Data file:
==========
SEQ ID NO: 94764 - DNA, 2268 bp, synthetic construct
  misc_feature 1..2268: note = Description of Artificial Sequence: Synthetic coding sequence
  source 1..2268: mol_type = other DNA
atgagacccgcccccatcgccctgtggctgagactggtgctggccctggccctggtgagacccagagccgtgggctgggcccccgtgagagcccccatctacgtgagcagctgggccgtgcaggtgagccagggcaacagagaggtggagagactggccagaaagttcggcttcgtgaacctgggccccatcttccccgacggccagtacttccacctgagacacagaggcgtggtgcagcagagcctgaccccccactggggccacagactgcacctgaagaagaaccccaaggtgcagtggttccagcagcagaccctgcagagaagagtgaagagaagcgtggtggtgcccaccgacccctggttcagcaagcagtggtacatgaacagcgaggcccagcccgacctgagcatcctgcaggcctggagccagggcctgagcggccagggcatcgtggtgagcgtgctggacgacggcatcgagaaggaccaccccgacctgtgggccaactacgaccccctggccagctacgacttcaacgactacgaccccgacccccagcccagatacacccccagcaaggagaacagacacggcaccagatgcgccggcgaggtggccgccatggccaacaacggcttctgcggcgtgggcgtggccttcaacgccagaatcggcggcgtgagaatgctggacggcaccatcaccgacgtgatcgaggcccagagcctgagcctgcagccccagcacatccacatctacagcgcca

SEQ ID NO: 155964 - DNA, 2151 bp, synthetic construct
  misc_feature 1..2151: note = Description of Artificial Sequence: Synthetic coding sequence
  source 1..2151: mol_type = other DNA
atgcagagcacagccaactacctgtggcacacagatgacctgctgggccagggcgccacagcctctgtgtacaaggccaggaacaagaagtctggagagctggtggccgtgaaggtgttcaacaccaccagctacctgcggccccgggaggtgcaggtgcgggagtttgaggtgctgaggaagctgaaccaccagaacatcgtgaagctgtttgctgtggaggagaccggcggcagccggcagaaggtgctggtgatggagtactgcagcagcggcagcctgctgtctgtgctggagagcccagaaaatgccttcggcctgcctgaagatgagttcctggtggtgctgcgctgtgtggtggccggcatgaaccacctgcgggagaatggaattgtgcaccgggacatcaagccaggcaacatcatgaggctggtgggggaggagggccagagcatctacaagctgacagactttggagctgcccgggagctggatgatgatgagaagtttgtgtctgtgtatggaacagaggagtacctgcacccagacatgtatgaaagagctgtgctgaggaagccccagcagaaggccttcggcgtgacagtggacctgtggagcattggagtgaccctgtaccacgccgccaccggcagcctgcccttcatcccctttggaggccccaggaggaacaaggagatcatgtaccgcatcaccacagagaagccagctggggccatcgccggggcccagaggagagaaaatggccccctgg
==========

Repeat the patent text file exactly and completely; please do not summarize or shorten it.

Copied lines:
SEQ ID NO: 94764 - DNA, 2268 bp, synthetic construct
  misc_feature 1..2268: note = Description of Artificial Sequence: Synthetic coding sequence
  source 1..2268: mol_type = other DNA
atgagacccgcccccatcgccctgtggctgagactggtgctggccctggccctggtgagacccagagccgtgggctgggcccccgtgagagcccccatctacgtgagcagctgggccgtgcaggtgagccagggcaacagagaggtggagagactggccagaaagttcggcttcgtgaacctgggccccatcttccccgacggccagtacttccacctgagacacagaggcgtggtgcagcagagcctgaccccccactggggccacagactgcacctgaagaagaaccccaaggtgcagtggttccagcagcagaccctgcagagaagagtgaagagaagcgtggtggtgcccaccgacccctggttcagcaagcagtggtacatgaacagcgaggcccagcccgacctgagcatcctgcaggcctggagccagggcctgagcggccagggcatcgtggtgagcgtgctggacgacggcatcgagaaggaccaccccgacctgtgggccaactacgaccccctggccagctacgacttcaacgactacgaccccgacccccagcccagatacacccccagcaaggagaacagacacggcaccagatgcgccggcgaggtggccgccatggccaacaacggcttctgcggcgtgggcgtggccttcaacgccagaatcggcggcgtgagaatgctggacggcaccatcaccgacgtgatcgaggcccagagcctgagcctgcagccccagcacatccacatctacagcgcca

SEQ ID NO: 155964 - DNA, 2151 bp, synthetic construct
  misc_feature 1..2151: note = Description of Artificial Sequence: Synthetic coding sequence
  source 1..2151: mol_type = other DNA
atgcagagcacagccaactacctgtggcacacagatgacctgctgggccagggcgccacagcctctgtgtacaaggccaggaacaagaagtctggagagctggtggccgtgaaggtgttcaacaccaccagctacctgcggccccgggaggtgcaggtgcgggagtttgaggtgctgaggaagctgaaccaccagaacatcgtgaagctgtttgctgtggaggagaccggcggcagccggcagaaggtgctggtgatggagtactgcagcagcggcagcctgctgtctgtgctggagagcccagaaaatgccttcggcctgcctgaagatgagttcctggtggtgctgcgctgtgtggtggccggcatgaaccacctgcgggagaatggaattgtgcaccgggacatcaagccaggcaacatcatgaggctggtgggggaggagggccagagcatctacaagctgacagactttggagctgcccgggagctggatgatgatgagaagtttgtgtctgtgtatggaacagaggagtacctgcacccagacatgtatgaaagagctgtgctgaggaagccccagcagaaggccttcggcgtgacagtggacctgtggagcattggagtgaccctgtaccacgccgccaccggcagcctgcccttcatcccctttggaggccccaggaggaacaaggagatcatgtaccgcatcaccacagagaagccagctggggccatcgccggggcccagaggagagaaaatggccccctgg